troupes march to a different beat
When the national Network of Ensemble Theaters held its “MicroFest USA” gathering in New Orleans in January, local actor and writer Andrew Larimer saw it as a good sign. “It shows the city has become a hub for creative activity,” he says. “The sheer amount of work happening in theater here is pretty amazing.”
It was almost eight years ago that the New Orleans native, then 22, founded the theater company called NOLA Project. Larimer and handful of other alumni of New York University’s Tisch School of the Arts were following their dream of launching a theater company, and in August 2005 they pulled it off, presenting their first production, “The Cripple of Inishmaan,” at Southern Repertory Theatre.
The play’s run was, of course, abbreviated by Hurricane Katrina, which struck New Orleans later in August. But like so many other people scattered by the storm, Larimer and friends only became more determined to get their project back on track.
Today, NOLA Project is a fixture of the local theater scene and has staged a score of original productions along with classics at venues all over town. A.J. Allegra, one of the company’s original members, has taken over as artistic director, but Larimer remains involved and committed to NOLA Project and says the troupe is stronger than ever.
“I think we’re doing what our goal was,” he says “We’ve gotten to do a lot of amazing work and partner with some of our favorite organizations and institutions in the city. The theater scene is more vibrant that it’s ever been, and even though we don’t have the physical theaters like we used to, that really has not stopped the work from happening.”
Dramatic work anchored to physical theater spaces has, indeed, had a rough go of it in recent years. With only a handful of such theaters operating locally before Katrina, two have closed and two others have been dislocated or suspended operations. But as Larimer says, the work goes on.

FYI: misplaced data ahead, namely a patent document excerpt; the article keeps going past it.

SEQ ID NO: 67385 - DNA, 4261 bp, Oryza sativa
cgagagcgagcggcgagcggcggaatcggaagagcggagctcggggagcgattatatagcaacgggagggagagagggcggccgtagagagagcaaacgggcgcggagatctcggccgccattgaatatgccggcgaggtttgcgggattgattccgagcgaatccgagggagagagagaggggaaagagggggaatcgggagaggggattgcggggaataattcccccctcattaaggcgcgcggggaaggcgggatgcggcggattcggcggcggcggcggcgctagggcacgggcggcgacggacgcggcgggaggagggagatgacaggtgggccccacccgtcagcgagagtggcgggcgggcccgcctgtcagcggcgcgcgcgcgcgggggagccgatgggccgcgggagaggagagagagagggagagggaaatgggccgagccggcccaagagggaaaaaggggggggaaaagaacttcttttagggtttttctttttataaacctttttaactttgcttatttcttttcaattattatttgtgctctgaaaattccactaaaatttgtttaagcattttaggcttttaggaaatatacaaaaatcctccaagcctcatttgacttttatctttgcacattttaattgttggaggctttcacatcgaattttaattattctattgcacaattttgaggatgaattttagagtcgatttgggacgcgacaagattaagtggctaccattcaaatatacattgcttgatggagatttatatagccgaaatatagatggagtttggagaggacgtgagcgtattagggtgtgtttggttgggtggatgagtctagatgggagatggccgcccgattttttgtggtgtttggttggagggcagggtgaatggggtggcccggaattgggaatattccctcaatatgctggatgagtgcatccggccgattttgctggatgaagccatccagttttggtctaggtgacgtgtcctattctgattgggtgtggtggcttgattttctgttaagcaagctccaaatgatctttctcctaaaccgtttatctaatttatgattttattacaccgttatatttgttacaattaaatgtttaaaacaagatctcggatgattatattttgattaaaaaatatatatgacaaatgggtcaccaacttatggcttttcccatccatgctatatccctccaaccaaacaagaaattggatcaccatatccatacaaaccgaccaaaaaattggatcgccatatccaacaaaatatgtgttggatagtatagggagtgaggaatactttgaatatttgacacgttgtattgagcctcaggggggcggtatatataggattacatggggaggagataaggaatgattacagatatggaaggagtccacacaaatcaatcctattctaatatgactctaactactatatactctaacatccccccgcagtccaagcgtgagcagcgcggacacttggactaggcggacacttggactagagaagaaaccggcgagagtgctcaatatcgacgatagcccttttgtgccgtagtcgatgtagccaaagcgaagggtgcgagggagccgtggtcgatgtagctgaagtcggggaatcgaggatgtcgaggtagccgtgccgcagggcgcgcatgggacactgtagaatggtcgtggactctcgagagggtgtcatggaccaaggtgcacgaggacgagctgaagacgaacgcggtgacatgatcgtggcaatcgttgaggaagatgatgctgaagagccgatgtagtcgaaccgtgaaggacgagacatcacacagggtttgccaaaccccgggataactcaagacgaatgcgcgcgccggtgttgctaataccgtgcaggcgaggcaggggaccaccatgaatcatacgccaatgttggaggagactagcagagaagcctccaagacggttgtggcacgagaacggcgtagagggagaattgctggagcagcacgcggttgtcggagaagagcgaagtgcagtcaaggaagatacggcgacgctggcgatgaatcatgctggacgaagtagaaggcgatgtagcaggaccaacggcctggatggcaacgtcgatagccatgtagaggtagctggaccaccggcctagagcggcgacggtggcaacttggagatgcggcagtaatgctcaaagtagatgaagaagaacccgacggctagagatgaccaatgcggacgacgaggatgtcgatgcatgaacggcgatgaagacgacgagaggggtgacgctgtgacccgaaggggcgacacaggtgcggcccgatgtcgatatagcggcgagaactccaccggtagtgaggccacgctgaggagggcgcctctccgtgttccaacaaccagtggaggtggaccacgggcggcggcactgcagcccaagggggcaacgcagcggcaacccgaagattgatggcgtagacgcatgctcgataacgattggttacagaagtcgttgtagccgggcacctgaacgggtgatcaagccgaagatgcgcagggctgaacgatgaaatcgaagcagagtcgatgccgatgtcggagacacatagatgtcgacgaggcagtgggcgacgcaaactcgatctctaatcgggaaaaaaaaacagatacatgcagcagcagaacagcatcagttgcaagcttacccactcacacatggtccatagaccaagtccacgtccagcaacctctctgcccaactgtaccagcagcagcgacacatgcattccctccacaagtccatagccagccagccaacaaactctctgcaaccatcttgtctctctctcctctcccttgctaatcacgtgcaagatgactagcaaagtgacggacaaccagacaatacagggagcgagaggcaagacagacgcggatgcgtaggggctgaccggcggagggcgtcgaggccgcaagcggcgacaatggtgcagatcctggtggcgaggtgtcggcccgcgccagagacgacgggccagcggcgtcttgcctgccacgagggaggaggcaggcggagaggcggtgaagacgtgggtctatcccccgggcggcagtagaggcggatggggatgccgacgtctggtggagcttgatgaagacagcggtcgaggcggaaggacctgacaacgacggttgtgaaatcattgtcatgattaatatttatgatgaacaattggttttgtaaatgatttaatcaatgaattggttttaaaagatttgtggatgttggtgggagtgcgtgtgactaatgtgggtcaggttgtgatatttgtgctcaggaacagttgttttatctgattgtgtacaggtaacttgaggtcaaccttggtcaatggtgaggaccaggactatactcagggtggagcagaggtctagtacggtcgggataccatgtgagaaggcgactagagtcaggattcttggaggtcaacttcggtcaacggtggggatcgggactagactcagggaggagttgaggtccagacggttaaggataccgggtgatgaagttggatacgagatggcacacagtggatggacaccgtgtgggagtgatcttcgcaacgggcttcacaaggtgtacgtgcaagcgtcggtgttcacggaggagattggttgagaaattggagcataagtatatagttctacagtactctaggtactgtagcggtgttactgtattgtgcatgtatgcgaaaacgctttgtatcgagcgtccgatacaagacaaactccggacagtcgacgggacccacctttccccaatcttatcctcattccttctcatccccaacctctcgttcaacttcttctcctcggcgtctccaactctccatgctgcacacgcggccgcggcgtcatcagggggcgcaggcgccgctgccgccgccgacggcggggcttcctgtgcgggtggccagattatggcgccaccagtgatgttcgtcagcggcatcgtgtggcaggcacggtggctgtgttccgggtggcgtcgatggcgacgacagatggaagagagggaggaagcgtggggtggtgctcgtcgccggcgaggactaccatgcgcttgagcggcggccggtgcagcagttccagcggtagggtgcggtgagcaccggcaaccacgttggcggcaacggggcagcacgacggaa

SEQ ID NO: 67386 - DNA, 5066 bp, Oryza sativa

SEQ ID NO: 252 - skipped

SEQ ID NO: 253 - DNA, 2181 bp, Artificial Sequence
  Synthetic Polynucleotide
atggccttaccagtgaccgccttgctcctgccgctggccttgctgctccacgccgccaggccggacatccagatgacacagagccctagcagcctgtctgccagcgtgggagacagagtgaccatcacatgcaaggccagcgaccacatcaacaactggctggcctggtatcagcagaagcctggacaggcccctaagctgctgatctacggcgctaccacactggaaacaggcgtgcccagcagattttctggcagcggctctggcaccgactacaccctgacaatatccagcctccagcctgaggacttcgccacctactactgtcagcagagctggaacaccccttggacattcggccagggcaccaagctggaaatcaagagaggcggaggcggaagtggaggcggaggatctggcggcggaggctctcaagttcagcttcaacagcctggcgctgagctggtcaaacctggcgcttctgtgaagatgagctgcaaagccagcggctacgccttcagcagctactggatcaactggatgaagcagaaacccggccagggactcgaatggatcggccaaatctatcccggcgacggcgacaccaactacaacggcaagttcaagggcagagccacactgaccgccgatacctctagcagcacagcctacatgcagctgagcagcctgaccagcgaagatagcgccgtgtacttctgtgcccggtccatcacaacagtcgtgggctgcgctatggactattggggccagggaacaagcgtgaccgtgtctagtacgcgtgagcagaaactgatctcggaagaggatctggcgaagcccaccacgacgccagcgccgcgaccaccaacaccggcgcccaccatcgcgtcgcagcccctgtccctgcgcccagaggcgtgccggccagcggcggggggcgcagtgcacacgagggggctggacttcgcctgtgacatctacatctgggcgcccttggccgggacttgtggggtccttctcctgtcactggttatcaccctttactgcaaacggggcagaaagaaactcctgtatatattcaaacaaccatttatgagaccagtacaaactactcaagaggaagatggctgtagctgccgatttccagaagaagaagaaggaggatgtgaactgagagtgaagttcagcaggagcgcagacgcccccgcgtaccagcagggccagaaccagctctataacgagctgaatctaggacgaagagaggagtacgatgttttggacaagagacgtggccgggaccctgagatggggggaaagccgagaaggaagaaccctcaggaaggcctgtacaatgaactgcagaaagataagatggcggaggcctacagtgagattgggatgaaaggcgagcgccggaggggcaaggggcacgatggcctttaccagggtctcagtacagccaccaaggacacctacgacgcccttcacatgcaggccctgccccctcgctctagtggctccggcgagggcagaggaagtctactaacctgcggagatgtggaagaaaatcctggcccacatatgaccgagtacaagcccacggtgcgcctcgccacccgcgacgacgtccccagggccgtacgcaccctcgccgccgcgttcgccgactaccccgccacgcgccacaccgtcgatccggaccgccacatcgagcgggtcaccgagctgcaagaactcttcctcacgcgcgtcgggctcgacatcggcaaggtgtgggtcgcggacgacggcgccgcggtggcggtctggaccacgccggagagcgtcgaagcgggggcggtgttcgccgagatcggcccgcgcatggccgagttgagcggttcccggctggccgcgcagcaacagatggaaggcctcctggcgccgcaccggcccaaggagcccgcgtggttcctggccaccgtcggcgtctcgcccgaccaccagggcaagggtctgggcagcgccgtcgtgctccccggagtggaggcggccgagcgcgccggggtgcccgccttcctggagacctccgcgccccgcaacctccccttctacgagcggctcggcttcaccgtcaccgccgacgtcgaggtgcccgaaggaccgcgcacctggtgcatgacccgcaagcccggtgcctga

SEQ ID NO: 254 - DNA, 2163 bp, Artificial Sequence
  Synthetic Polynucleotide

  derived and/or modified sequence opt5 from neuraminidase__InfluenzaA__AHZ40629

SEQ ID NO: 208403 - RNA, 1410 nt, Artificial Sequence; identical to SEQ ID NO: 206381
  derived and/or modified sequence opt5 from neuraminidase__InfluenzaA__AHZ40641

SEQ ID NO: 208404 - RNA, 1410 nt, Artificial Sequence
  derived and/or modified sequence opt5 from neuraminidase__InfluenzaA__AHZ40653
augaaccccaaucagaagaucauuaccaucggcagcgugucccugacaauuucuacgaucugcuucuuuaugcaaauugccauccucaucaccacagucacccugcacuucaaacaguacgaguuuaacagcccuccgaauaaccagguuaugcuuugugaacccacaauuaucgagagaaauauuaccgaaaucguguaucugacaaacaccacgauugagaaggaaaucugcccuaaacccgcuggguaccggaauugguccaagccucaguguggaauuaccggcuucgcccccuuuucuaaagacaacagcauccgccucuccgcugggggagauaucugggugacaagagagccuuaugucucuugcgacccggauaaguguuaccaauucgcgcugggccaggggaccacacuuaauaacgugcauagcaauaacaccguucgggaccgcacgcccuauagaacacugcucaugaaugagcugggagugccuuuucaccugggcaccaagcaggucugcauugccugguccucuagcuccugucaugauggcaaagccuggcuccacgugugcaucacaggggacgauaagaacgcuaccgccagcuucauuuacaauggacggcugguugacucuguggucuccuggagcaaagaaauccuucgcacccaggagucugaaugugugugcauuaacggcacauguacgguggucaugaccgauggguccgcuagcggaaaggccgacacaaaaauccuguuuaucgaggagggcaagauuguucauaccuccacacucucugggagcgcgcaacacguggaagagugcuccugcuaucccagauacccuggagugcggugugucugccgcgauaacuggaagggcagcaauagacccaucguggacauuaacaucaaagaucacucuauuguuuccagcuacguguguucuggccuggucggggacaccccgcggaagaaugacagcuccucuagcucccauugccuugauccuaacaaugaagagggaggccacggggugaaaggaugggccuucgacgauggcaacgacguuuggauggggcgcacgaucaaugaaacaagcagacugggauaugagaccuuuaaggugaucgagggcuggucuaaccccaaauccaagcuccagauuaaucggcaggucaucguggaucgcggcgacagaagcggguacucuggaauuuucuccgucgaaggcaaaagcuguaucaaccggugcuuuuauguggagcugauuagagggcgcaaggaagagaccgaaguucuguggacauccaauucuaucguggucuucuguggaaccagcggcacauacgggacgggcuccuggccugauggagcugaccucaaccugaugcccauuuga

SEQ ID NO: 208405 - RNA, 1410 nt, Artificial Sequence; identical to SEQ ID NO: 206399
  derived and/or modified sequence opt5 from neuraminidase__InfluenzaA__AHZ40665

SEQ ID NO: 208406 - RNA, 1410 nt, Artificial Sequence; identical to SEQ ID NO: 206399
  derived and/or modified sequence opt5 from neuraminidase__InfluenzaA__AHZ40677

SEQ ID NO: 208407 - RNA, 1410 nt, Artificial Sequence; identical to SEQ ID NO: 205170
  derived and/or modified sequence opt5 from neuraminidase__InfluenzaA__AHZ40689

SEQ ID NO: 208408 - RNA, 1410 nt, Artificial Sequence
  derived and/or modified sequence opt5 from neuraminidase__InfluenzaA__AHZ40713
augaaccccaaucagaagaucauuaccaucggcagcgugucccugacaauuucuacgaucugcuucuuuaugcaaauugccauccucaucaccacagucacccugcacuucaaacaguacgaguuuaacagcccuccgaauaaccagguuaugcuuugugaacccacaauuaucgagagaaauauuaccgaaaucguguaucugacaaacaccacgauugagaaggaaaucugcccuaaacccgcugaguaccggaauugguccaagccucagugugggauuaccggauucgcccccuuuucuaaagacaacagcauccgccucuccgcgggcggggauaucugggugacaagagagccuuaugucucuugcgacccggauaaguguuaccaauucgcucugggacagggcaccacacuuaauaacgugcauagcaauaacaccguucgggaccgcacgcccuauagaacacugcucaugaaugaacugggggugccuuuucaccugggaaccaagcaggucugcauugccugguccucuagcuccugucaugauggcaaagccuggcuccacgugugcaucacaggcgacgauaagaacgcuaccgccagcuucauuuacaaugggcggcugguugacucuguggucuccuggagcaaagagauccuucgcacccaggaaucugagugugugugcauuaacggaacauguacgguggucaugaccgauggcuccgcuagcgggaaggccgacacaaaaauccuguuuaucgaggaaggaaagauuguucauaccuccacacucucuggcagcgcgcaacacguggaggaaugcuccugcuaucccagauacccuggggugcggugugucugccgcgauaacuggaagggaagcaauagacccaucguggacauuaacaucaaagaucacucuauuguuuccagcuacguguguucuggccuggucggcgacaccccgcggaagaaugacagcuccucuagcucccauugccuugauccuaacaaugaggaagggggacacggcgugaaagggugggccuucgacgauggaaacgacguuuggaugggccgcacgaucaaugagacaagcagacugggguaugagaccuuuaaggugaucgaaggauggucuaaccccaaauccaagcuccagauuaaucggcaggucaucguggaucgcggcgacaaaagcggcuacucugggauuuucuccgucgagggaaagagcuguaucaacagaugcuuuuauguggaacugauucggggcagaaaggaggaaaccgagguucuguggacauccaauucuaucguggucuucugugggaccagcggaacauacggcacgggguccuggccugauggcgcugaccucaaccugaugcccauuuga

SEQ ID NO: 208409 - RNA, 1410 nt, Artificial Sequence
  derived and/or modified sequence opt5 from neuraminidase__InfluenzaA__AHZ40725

Performing in low-overhead spaces such as backrooms or buildings adjacent to neighborhood bars, theater companies have not only started up but have endured to see some of their original productions move from birth through readings and early stagings into more advanced stages of development. It’s a tedious process that takes patience and a boatload of determination, but it’s the path that fresh productions must take in order to become part of theater’s lasting repertoire.
“Catch the Wall” is a good example. NOLA Project will present the “multimedia bounce play” by Gabrielle Reisman this month (March 14-24) at Dillard University. Larimer says Reisman has worked on the play over a long period, including workshop productions and readings broadcast over the Internet. “It’s one of those works intended for longer development,” he says.
The local inventory of works aiming for longevity is growing. There’s the collaboration between Cripple Creek Theatre Co. and Goat in the Road Productions, for instance. The two young companies, which set high artistic and community service standards for themselves, joined forces on a piece entitled “The Future is a Fancyland Place,” which they presented at the Allways Lounge last fall and are continuing to develop.
Skin Horse Theater is another innovative, post-Katrina import to New Orleans that has shown staying power. After making waves with its original “Curiouser: An Historical Inaccuracy” in the 2009 New Orleans Fringe Festival, the troupe successfully mounted productions such as “Hedwig and the Angry Inch” and “The Importance of Being Earnest” before bringing “Hedwig” back again recently.
Yet another production team dedicated to original, collaborative work is New Noise, which recently presented “Runnin’ Down the Mountain.” The ensemble brought together both locals and new arrivals to the city when it formed in 2007, and it has since built a network of writers, designers and performers to help advance works in progress.
Meanwhile, companies with a longer history in the city have continued their commitment to new works and education. Kathy Randels’ ArtSpot Productions and Mondo Bizarro, founded by Bruce France and Nick Slie, are good examples.
The dedication of such groups is evident not only in their artistic rigor, but also in the energy they must exert to raise the money to get their projects off the ground. Members are nearly always working on grant applications, fundraising events or partnerships with other groups that share their community interests.
Larimer says the increasing appetite for fresh work in the city reflects a growing “alternative energy” and suggests that a stronger commitment to originality is taking hold. “We’ve seen the more classical, traditional scene fall away a little bit, and now growing alongside it is a more alternative scene,” he says.